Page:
31 Do not envy a violent man, and do not choose any of his ways; 32 for one who goes astray is an abomination to the Lord, but he reveals his intimate counsel to the upright. 33 The Lord’s curse is on the household of the wicked, but he blesses the home of the righteous. 34 With arrogant scoffers he is scornful, yet he shows favor to the humble. 35 The wise inherit honor, but he holds fools up to public contempt.
24 But I tell you, it will be more bearable for the region of Sodom on the day of judgment than for you!” 25 At that time Jesus said, “I praise you, Father, Lord of heaven and earth, because you have hidden these things from the wise and intelligent, and have revealed them to little children. 26 Yes, Father, for this was your gracious will.
Notes and References
"... In apocalyptic literature wisdom is understood in terms of being an eschatological gift to the righteous (e.g. Baruch 59:7; 1 Enoch 5:8). Therefore, the present age has two contrasting groups: (1) the wicked commonly portrayed as the rich, who live in luxury and persecute the other group; and (2) the righteous who are wise, and who suffer now but whose reward will be great in the eschatological age. In some literature found at Qumran, wisdom may be perceived as hidden knowledge, knowledge that includes God’s eschatological plan. Consequently, this means that it includes more than the torah offers. Nevertheless, torah and its proper interpretation are included in terms of making one wise. In regard to the synoptic gospels, Jesus is frequently portrayed as the one who possesses wisdom or who is the mouth of wisdom. (Matt 11:19 / Luke 7:35; Matt 12:42 / Luke 11:31; Matt 23:24 / Luke 11:49; Matt 11:25-30 / Luke 10:21, 22) Moreover, in the New Testament generally, wisdom may be almost understood as the skill required for living in light of the eschaton. With this variety of possible understandings in mind, our attention now turns to evaluating the relationship of James’ revealed wisdom to the authority of the torah in his writing ..."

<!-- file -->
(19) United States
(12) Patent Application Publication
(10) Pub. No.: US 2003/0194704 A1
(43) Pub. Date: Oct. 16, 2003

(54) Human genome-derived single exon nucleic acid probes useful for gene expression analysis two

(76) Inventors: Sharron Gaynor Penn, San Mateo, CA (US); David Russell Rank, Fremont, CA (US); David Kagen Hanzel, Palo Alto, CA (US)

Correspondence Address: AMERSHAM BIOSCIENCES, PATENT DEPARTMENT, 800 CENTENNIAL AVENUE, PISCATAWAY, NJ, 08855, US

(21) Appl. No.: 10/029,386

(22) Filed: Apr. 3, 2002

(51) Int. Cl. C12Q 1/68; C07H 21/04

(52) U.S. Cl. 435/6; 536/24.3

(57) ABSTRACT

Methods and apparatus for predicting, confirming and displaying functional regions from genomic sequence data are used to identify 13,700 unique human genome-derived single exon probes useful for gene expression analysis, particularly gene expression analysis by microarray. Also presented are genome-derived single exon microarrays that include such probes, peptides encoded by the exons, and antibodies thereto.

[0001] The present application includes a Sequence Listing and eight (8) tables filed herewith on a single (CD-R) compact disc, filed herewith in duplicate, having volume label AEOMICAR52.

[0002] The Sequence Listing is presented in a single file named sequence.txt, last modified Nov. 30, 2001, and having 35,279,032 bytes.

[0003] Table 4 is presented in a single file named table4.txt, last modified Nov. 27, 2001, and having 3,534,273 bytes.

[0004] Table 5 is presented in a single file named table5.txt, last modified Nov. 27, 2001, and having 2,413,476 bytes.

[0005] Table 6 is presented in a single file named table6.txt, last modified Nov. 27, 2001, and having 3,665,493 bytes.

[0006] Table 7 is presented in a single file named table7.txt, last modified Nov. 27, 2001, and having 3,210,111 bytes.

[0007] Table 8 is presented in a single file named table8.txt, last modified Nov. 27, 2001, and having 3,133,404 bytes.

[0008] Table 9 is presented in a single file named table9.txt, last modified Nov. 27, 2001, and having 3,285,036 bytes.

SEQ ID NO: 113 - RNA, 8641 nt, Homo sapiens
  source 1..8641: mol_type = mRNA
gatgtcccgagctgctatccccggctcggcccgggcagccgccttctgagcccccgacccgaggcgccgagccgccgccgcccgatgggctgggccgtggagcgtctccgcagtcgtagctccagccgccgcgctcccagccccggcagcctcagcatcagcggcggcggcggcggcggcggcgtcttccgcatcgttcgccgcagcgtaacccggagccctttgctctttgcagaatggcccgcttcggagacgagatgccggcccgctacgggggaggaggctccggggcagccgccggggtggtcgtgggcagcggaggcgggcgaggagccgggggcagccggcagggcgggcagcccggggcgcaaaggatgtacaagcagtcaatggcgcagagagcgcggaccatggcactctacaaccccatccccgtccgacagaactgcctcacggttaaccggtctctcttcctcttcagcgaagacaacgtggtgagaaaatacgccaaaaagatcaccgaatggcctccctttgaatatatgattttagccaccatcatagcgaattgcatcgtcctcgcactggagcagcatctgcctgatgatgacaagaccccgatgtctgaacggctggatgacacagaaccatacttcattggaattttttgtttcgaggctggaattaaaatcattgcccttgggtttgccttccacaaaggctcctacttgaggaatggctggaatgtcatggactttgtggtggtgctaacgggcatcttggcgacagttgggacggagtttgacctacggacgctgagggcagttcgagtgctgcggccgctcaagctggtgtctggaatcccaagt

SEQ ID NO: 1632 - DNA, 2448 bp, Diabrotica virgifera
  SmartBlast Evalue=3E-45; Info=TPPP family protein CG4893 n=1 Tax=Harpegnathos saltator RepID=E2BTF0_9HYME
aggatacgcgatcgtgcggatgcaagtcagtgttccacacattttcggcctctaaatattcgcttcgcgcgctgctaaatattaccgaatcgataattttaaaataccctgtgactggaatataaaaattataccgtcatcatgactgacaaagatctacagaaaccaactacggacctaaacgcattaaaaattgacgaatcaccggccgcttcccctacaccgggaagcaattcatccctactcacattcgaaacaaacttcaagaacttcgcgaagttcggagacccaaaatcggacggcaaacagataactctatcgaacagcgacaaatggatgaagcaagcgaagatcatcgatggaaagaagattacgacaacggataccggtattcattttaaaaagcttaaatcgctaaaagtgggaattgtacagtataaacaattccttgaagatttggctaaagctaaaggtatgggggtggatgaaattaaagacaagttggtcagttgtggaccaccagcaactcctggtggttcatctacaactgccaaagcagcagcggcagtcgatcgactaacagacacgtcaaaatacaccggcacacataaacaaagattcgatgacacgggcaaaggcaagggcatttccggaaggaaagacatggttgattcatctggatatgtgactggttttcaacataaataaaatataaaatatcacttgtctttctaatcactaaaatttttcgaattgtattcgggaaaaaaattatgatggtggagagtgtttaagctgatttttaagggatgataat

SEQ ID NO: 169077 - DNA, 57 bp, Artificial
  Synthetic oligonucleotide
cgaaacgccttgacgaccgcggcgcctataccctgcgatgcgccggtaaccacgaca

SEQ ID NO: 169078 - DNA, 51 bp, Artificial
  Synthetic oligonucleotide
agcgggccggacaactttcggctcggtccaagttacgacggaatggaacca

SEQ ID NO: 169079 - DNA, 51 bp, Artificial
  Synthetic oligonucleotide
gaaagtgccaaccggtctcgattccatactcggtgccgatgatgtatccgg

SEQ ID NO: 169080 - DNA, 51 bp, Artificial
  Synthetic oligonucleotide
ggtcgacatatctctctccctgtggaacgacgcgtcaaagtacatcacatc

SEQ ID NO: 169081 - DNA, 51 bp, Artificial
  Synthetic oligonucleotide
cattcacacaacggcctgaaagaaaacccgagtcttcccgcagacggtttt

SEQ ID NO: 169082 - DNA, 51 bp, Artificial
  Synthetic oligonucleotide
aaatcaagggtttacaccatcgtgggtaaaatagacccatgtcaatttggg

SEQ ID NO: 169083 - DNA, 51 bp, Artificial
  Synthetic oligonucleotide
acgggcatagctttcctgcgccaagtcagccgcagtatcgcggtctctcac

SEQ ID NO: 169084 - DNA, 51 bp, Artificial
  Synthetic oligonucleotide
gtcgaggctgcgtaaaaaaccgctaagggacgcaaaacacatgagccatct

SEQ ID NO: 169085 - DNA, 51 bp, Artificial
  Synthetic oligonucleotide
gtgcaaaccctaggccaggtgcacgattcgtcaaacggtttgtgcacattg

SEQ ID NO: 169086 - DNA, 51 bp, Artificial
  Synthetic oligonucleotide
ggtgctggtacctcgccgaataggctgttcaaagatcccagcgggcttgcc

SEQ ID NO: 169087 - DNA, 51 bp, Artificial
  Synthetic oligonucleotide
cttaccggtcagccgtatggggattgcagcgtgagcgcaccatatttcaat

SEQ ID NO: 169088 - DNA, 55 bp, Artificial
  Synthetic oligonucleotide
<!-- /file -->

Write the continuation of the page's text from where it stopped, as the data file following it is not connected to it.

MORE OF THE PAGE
Moran, Helen Joan Cahell Wisdom’s Wide Trajectory: Reading the Letter of James in Light of 4QInstruction (p. 174) The University of Dublin, 2019
Thank you for your submission!